Encyclopedia of Clinical Neuropsychology

Living Edition
| Editors: Jeffrey Kreutzer, John DeLuca, Bruce Caplan

Subarachnoid Hemorrhage

  • Elliot Roth
Living reference work entry
DOI: https://doi.org/10.1007/978-3-319-56782-2_2201-2



A subarachnoid hemorrhage (SAH) is bleeding into the subarachnoid space that exists between the arachnoid and pia membranes that surround the brain.

Current Knowledge

SAH may result from trauma or occur spontaneously from a ruptured cerebral aneurysm or less commonly from an arteriovenous malformation. SAH comprises 1–7% of all strokes. Incidence is estimated to be about 9 per 100,000 per year. Patients with SAH tend to be younger than those with other types of stroke, but the incidence increases with age. SAH is a medical emergency and can lead to death or severe disability. Up to one-half are fatal, many even before the patient reaches the hospital. Symptoms include rapid onset of a severe headache (often called a “thunderclap headache”), nausea, confusion, altered consciousness, seizure, visual disturbances, cardiac arrhythmias, and focal neurological deficits such as hemiparesis, sensory loss, or aphasia. About one-third of...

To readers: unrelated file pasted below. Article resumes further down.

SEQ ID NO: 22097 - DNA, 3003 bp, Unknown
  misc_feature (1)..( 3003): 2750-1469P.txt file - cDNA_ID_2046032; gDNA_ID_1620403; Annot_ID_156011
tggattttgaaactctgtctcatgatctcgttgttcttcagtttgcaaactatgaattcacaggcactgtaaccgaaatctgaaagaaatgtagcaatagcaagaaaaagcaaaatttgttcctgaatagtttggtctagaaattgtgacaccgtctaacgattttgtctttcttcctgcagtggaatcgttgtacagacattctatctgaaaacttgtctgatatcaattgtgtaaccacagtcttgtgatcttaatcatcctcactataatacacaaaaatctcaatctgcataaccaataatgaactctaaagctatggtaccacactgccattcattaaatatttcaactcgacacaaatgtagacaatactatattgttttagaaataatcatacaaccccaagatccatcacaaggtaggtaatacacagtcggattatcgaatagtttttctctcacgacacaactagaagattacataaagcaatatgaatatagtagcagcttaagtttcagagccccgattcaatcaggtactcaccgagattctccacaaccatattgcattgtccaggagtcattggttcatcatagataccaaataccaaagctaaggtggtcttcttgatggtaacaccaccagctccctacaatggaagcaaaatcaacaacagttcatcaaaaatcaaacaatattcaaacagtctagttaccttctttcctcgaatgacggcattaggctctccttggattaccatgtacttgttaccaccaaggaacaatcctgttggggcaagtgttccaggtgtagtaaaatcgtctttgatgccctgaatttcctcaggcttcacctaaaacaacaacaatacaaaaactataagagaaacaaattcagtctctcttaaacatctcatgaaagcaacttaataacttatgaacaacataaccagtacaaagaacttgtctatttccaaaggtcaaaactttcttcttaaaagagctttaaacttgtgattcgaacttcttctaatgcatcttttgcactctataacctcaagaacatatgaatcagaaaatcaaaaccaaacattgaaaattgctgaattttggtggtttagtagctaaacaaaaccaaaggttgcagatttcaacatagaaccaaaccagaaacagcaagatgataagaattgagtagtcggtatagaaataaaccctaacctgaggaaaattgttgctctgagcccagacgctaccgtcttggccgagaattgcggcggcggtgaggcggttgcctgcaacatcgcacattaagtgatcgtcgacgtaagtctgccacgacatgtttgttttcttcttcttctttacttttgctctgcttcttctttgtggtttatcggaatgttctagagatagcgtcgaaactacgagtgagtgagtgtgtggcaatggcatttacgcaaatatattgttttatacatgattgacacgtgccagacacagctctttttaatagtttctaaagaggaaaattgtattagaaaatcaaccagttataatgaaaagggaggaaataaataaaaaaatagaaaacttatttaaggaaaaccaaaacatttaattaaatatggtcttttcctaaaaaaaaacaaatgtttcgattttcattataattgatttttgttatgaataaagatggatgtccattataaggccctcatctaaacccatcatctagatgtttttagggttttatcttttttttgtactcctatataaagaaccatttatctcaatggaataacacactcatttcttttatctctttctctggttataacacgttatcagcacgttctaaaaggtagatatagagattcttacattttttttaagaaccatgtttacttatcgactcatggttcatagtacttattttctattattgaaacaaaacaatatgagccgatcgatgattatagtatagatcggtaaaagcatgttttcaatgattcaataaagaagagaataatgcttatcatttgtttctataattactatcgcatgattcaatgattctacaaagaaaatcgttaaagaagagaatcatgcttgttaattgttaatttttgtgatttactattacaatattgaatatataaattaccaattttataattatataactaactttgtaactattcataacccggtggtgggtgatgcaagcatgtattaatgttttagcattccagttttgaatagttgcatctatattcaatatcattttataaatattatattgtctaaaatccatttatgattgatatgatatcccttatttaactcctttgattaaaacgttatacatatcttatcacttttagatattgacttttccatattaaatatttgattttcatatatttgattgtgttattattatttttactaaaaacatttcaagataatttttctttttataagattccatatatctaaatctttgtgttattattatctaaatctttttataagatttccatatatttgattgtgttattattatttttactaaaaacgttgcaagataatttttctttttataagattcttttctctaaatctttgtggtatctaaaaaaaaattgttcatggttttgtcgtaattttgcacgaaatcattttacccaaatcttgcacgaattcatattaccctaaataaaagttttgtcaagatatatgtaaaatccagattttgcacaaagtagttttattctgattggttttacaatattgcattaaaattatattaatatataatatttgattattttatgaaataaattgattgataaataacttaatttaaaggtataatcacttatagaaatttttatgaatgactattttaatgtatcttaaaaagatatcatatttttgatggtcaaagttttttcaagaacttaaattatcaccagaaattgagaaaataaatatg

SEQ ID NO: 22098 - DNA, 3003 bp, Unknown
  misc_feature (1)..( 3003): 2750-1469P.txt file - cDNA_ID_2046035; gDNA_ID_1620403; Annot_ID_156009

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Copyright information

© Springer International Publishing AG 2018

Authors and Affiliations

  1. 1.Physical Medicine and RehabilitationFeinberg School of Medicine, Northwestern UniversityChicagoUSA